Shoes and shirts are prohibited for male competitors and only Muay Thai shorts are worn in the ring. The shorts are colored depending on the corner that the fighter belongs to, which is usually red or blue. Pink or maroon are acceptable variations as are different shades of the 2 colors. Most Thai boxers also wear the sacred armbands known as Prajead. Ankle guards are commonly worn but they are not mandatory.
Some techniques and behaviours can result in penalties such as warning, loss of points and even disqualification. Headbutts, biting, and poking the eyes are not allowed as is one of the most commonly seen fouls, which is hitting the genital of the opponent. Disrespectful conduct like spitting or swearing will also be met with penalties. While takedowns are allowed and do score well, Judo or wrestling techniques are prohibited. Certainly not the throwing of opponents off the ring or back-breaking seen in pro-wrestling.
The Scoring System
It may be more thrilling for a fight to end by knockout but this does not occur most of the time. Most professional fights are very well-matched and the winner is often decided by judges based on points. The scoring system is where it confuses many people. To the untrained audience, the results may appear biased when the more aggressive fighter loses. However, the aggressor may not necessarily score more points if his strikes do not inflict apparent damage.
Legal techniques in Muay Thai include punches, elbows, knees, kicks, sweeps, and throws. Strikes can be made to any part of the body except the groin. But there is more to scoring than just tabulating the number of times an attack comes in contact with the opponent.
Firstly, the winner in each round is awarded 10 points while his opponent gets 9, 8 or 7 points depending on the results in the round. For example, the clear winner in a round will get 10 points while the loser will get 9 points but if the latter was counted once, he will get 8 points instead. In an evenly-matched round, both boxers get 10 points each. A fighter who is dominant in all 5 rounds can get a maximum of 50 points.
The winner in each round is determined based on several factors. The boxer who inflicts more damage to his opponent with clear shots scores more and wins the round. A shot that shows lack of power (the opponent shows no reaction to the hit) or defended will not be scored. This is how a more experienced and technical fighter can win even though he may appear less aggressive in the fight: by delivering powerful and clean hits that affects his opponent more flinchingly. Under most circumstances, the boxer who delivers more potent attacks coupled with effective execution of Muay Thai defense and counter-attack techniques will be scored higher.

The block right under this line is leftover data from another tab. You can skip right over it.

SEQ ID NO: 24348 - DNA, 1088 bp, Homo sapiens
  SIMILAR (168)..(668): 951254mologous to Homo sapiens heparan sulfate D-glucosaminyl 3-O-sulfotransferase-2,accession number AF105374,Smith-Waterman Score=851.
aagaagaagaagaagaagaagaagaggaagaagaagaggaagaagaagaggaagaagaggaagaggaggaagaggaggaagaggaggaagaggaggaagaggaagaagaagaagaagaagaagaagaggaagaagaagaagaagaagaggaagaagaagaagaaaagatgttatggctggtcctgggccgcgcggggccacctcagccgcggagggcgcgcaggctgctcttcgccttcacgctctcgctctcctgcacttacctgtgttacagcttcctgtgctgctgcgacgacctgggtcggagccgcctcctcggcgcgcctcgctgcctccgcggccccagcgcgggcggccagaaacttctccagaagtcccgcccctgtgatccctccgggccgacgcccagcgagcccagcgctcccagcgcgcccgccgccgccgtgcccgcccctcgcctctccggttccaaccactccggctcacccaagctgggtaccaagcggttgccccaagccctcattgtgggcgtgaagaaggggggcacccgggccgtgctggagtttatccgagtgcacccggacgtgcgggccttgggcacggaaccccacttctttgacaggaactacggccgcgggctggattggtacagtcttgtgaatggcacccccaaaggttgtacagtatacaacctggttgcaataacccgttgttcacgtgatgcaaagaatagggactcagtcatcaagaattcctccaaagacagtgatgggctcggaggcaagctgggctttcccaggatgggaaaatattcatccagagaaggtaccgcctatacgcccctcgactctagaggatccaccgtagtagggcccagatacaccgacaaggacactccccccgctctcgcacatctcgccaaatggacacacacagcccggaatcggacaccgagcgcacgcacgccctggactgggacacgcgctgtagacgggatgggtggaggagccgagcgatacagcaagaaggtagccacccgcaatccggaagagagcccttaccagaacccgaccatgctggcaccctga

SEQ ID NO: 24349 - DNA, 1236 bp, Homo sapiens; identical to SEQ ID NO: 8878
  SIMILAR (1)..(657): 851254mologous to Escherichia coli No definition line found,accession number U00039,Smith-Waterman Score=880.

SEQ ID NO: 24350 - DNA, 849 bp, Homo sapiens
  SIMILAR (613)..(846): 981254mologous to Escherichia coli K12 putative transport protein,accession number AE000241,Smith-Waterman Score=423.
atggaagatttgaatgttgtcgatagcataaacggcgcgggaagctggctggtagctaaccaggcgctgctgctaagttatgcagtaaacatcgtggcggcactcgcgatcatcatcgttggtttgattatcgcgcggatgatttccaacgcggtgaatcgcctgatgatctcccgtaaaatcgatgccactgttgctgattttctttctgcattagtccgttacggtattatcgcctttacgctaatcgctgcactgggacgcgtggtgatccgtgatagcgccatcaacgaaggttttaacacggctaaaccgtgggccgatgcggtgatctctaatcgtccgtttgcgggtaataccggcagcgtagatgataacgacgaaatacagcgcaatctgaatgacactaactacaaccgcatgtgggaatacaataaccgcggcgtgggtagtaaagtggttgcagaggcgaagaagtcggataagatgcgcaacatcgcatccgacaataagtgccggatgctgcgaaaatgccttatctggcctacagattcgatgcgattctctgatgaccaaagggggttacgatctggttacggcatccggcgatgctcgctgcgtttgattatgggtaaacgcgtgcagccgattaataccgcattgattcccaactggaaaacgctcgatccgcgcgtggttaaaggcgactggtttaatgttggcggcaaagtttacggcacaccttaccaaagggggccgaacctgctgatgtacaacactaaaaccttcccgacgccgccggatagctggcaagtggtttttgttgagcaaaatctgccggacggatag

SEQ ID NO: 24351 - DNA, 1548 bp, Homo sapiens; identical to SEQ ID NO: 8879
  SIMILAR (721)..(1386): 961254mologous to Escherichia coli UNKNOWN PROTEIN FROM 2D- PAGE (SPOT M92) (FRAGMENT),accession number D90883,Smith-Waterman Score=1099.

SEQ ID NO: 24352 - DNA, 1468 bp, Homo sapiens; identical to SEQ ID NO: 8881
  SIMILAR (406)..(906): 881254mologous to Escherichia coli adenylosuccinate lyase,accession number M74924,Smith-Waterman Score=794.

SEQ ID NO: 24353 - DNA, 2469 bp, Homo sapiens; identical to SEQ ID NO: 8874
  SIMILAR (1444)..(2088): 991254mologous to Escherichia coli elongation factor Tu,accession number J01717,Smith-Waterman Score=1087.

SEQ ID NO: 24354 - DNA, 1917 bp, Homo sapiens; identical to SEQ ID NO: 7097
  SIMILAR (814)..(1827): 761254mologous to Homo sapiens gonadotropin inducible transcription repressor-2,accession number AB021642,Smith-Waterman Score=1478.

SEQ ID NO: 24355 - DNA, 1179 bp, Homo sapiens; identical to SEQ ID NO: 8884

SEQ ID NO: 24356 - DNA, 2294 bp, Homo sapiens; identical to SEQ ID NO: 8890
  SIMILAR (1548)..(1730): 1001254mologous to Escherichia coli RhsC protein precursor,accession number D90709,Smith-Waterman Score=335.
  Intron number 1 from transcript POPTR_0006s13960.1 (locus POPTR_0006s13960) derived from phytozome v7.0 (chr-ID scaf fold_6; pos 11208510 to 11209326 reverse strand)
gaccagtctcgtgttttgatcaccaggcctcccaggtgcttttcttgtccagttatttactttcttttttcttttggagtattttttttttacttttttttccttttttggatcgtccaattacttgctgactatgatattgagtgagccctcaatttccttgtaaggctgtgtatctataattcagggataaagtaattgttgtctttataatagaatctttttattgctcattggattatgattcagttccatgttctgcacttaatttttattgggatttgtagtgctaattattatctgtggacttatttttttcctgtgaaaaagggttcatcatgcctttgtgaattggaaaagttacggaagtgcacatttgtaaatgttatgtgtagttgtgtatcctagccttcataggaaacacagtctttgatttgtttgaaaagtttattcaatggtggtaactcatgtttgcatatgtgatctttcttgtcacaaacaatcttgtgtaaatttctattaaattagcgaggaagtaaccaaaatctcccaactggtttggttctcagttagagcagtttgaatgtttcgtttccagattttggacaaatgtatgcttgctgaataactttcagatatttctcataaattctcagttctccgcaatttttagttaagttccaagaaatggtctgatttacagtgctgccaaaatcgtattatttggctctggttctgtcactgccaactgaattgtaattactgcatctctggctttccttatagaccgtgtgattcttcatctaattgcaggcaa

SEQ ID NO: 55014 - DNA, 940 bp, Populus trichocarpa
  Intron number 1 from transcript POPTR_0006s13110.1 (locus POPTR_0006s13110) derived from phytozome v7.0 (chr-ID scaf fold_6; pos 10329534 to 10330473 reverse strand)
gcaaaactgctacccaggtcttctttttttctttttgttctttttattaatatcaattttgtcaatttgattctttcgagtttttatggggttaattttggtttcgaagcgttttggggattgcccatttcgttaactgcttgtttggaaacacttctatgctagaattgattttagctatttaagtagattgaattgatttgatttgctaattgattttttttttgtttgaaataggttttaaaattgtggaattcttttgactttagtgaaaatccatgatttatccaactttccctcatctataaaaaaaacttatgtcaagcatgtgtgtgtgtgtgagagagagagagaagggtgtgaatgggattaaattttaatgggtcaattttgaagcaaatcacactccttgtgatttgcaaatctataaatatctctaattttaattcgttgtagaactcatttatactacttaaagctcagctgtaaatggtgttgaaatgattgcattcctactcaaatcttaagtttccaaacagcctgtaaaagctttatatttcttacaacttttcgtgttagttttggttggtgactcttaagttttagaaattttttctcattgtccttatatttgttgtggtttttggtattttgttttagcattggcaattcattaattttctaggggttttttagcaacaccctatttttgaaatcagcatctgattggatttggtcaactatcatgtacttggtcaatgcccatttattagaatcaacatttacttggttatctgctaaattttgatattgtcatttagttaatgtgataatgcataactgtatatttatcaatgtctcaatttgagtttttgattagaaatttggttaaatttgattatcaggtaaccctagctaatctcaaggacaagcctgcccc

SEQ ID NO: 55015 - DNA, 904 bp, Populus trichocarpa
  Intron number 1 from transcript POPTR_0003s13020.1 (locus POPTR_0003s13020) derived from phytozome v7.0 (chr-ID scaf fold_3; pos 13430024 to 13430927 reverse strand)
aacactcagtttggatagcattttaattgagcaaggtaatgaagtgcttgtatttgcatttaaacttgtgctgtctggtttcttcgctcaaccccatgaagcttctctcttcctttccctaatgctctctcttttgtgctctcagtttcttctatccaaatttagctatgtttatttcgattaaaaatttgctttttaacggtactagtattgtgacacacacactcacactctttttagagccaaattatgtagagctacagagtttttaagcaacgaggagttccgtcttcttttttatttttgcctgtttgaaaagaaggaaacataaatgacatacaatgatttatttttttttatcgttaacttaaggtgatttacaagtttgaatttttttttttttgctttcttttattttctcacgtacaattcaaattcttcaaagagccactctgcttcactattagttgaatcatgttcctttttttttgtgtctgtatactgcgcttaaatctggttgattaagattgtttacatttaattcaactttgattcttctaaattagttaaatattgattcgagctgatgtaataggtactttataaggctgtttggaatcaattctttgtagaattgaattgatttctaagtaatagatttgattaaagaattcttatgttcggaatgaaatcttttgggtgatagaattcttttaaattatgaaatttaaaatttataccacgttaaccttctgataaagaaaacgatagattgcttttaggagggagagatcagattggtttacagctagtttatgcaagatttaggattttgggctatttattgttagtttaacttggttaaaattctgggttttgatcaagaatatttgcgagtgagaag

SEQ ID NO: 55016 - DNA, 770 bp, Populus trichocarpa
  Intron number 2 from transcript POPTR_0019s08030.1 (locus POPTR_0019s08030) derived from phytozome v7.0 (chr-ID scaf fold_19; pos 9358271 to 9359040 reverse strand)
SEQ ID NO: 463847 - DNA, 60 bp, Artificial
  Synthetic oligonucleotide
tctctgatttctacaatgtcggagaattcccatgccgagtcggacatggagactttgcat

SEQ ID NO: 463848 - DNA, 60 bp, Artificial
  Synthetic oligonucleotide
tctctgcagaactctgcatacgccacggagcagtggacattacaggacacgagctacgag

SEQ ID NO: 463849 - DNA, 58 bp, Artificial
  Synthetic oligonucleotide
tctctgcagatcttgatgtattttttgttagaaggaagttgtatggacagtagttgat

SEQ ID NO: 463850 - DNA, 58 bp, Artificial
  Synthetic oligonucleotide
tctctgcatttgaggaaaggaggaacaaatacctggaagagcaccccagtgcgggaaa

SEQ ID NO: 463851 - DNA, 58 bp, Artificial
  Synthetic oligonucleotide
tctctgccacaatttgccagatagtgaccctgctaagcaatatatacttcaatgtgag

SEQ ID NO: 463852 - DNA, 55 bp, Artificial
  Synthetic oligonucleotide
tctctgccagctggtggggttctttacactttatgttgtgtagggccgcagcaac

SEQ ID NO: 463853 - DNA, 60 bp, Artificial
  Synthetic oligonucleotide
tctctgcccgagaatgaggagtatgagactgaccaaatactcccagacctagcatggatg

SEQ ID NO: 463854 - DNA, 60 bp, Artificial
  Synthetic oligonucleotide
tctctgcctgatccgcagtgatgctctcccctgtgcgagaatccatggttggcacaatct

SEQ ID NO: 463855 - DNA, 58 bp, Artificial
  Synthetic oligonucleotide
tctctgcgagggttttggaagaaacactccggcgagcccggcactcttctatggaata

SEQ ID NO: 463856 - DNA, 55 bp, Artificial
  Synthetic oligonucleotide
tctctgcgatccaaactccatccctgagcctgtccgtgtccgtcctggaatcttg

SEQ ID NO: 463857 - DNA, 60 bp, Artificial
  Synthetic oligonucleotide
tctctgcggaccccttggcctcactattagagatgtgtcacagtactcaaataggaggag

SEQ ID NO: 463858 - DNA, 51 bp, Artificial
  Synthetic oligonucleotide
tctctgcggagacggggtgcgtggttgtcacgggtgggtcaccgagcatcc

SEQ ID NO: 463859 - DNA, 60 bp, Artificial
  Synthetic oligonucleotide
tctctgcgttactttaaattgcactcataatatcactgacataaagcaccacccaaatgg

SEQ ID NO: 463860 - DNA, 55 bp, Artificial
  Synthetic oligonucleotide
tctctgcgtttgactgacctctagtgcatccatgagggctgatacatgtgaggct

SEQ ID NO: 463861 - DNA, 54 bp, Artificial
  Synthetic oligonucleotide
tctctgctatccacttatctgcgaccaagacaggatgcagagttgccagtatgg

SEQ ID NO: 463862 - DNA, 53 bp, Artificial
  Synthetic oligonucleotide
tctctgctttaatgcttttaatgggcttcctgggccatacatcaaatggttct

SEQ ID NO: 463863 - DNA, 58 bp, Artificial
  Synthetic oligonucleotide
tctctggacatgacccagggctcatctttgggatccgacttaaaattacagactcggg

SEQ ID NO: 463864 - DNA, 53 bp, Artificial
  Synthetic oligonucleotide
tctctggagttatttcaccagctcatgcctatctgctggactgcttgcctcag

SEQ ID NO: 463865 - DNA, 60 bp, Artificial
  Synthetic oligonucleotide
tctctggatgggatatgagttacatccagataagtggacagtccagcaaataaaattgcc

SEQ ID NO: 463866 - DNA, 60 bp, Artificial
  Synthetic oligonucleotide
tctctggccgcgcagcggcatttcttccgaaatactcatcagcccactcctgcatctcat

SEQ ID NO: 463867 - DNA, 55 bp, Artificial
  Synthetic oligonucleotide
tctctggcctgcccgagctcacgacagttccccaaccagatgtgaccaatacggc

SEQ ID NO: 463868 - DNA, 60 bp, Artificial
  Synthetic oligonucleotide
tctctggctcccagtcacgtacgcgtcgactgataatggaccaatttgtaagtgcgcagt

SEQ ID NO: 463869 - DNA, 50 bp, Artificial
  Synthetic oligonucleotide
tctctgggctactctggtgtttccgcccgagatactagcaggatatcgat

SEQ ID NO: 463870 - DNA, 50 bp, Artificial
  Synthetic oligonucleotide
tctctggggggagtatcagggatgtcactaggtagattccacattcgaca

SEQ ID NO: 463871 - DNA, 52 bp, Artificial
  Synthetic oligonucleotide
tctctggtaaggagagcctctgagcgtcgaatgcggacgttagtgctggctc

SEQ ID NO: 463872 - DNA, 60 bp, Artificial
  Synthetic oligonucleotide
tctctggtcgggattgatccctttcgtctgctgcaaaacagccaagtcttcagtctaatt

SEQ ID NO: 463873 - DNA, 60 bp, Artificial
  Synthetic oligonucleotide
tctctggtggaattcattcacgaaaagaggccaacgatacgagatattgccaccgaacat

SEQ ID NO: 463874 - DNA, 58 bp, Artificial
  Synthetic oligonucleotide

The referee has the power to stop the fight in the event of a disqualification, knock-out, technical knock-out or if one fighter visibly outclasses his opponent. In such cases, a winner is determined before the end of the 5 rounds.
Female fights differ little from their male counterparts. The most obvious would be the necessity of a top, usually a sports bra or sleeveless shirt. Women with long hair will also need to have their hair tied up. The length of fights differ between promotions but many female fights are timed the same as the male fights.
Watching Muay Thai Fights
Knowing these rules will help a spectator to better appreciate the beauty of the sport. Professional Muay Thai fighters dedicate their entire lives in perfecting their game and there is more to the sport than just a brawl between 2 people. It is a game of strategy, power, endurance, and heart. It is truly an art in itself and watching a fight ‘live’ is the most adrenaline-fuelled experience that must not be missed.